• OECD iLibrary - index of OECD publications with full text. Abstracts only for IEA publications.

A full list of abstract and full-text databases is available. There is a separate list of resources available recommending those that are most useful for African Studies.

Audiovisual resources

  • Ethnographic Video Online;
  • Kanopy;
  • BoB (Box of Broadcasts) National.

Statistical Resources

  • World Bank Data - statistics on development in countries around the globe, collated by the World Bank.

Assistance

Can't find what you're looking for? Try another librarysuggest a purchase, or consider placing an interlibrary loan request.

General Resources

Find out more about using other libraries, and links to other library catalogues.

Please check other libraries' access requirements before visiting.

The British Library is a useful resource and all UCL staff and students can apply directly for reference access. You will need to bring identification showing proof of address (e.g. utility bill), proof of signature (e.g. driving licence) and proof of student or research status (UCL ID card) in order to obtain a reader's pass.

The Institute of Historical Research Library is a reference collection of published primary sources covering the history of Western Europe and its colonial history from the fifth century to the present. University staff and postgraduate students need to provide proof of current university status and proof of address. Undergraduate students additionally need to provide a copy of letter of recommendation from a member of library staff.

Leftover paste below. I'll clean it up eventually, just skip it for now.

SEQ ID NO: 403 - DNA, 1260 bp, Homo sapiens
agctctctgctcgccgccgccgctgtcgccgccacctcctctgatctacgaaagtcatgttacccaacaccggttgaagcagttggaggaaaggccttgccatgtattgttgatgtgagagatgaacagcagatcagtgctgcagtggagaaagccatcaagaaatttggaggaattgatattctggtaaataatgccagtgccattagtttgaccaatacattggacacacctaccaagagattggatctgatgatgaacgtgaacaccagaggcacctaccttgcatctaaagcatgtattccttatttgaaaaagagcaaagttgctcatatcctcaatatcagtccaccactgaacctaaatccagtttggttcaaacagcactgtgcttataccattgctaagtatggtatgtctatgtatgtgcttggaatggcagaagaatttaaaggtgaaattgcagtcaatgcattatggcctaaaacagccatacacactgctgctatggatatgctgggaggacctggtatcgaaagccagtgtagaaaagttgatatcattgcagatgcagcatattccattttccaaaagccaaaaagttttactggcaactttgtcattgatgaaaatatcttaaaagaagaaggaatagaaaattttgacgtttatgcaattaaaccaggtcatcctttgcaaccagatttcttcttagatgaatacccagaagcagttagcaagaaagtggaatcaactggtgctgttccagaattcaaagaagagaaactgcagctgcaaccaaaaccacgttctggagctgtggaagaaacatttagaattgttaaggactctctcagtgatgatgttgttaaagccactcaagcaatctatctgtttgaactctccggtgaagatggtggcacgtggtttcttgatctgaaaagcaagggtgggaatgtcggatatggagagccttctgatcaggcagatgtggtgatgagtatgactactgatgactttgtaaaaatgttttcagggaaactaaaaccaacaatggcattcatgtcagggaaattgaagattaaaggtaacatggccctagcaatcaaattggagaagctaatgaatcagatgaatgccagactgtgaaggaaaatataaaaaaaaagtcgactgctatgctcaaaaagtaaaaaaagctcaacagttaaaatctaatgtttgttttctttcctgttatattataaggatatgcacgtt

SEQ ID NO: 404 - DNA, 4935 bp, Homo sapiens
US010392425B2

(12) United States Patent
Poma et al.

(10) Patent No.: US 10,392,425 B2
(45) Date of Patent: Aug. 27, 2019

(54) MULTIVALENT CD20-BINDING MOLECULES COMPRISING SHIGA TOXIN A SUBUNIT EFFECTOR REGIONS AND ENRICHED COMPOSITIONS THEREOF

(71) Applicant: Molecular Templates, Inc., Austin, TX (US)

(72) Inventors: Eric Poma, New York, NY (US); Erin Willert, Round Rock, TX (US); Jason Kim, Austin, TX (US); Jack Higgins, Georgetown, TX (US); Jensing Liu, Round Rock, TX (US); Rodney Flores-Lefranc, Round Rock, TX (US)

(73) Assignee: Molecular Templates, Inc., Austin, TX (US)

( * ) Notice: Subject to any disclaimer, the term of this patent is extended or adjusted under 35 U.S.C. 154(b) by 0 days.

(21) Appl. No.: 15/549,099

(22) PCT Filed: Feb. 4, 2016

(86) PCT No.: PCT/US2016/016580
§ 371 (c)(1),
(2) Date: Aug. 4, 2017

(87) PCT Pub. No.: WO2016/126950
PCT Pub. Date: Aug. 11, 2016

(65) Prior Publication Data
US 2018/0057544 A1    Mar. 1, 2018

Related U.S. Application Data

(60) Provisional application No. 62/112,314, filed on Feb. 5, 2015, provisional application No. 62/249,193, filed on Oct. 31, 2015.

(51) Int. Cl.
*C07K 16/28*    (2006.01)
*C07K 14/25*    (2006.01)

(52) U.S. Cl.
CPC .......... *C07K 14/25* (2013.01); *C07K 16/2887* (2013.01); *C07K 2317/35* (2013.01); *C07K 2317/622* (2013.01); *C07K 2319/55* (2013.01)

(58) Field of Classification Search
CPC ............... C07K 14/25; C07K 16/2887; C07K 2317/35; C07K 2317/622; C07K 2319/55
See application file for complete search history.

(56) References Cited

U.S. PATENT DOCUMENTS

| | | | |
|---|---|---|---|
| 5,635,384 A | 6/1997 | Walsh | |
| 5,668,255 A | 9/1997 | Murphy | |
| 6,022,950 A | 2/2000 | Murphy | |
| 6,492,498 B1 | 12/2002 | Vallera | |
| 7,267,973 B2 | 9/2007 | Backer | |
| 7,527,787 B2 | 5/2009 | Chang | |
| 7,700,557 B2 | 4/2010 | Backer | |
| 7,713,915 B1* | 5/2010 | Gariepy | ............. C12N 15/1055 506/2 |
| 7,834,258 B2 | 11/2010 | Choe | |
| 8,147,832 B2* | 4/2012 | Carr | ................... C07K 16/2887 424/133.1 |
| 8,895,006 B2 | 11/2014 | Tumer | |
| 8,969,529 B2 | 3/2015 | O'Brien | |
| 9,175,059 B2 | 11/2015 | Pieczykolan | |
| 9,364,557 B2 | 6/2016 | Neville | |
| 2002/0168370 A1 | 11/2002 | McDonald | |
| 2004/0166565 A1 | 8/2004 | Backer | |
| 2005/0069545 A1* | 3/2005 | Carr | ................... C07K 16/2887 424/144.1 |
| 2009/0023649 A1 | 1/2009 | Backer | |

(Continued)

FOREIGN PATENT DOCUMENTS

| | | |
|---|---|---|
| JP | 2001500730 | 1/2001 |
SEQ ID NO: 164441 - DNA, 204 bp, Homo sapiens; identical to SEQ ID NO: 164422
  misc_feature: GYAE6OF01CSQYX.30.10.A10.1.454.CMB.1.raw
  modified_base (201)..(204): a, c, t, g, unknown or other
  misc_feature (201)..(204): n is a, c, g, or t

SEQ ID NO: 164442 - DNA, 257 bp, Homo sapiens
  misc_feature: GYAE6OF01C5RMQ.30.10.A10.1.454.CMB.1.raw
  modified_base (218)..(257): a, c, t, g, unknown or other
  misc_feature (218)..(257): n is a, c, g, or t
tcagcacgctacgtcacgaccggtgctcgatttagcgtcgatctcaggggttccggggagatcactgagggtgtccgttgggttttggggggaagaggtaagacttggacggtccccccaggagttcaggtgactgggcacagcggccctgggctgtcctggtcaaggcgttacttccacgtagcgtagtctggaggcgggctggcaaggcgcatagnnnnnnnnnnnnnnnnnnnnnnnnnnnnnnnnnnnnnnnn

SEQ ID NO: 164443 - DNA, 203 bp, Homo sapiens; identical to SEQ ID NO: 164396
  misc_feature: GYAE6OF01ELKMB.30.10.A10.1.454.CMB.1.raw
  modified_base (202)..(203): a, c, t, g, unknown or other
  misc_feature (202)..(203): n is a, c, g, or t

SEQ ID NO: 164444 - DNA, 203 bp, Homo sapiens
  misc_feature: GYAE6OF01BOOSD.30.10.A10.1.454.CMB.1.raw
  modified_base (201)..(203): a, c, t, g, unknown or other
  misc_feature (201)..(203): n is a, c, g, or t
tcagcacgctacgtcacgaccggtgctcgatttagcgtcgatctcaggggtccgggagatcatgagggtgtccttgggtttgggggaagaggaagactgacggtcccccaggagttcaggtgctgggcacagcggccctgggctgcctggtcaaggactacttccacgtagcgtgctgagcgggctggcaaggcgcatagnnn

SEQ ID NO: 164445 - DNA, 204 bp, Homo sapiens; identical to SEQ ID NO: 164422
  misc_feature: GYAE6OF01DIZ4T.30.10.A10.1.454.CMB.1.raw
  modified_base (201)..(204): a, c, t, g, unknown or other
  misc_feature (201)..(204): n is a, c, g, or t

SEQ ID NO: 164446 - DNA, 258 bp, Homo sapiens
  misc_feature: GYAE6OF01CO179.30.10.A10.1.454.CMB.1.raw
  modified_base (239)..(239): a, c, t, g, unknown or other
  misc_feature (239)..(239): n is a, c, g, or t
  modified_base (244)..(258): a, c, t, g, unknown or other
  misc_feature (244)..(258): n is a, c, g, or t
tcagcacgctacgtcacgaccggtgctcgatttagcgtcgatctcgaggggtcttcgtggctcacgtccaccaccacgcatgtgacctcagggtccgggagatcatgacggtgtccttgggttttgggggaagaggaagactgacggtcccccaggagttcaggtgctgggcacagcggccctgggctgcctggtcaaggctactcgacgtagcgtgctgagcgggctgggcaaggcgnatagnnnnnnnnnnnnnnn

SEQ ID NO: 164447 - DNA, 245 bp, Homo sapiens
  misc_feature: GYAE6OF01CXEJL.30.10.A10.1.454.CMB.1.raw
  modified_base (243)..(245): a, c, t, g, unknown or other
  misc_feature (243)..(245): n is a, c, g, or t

Senate House Library (Senate House, Malet Street) has a strong collection in languages, the arts and social and historical sciences, and is especially strong in periodicals holdings. Any registered member of UCL can join the library and borrow from there. Please check their membership information for details on how to obtain a Senate House library card.

The SOAS Library (School of Oriental & African Studies) has excellent collections in African, Asian and Middle East material, which is relevant for regional studies. It is available for reference use by any member of UCL, but only academic staff and research postgraduates may borrow from there. 

The LSE library (London School of Economics) holds the best collection in the UK for economics and has substantial material on social sciences and anthropology. It is available for reference use by any member of UCL, but only academic staff and research postgraduates may borrow from there.

A wide range of training and support is available for members of staff and students. Please feel free to contact the subject librarian (details on the right) for assistance or to make an appointment. Other services and materials include: 

  • Forthcoming training sessions;
  • Guides and leaflets;
  • Help is also available through our Enquiry Services: library@ucl.ac.uk;
  • News and updates are available via Twitter @UCLLibraries and news feed;
  • The ISD Service Desk is located on the ground floor of the Science Library and can be contacted for enquiries regarding your computer accounts, e-mail, computer hardware and software troubleshooting and so forth;
  • Training is available for research students via the UCL Doctoral School, including information skills sessions run by library staff;
  • Do get in touch with your subject librarian (details on the right) if you would like to ask about researching specific topics or using the resources and databases for African Studies.
  • Research Support: Services for researchers includes access to resources, undertaking research, disseminating, evaluating & preserving research;
  • Information on Open Access;
  • UCL Discovery showcases UCL's research publications, giving access to journal articles, book chapters, conference proceedings, digital web resources, theses and much more, from all UCL disciplines.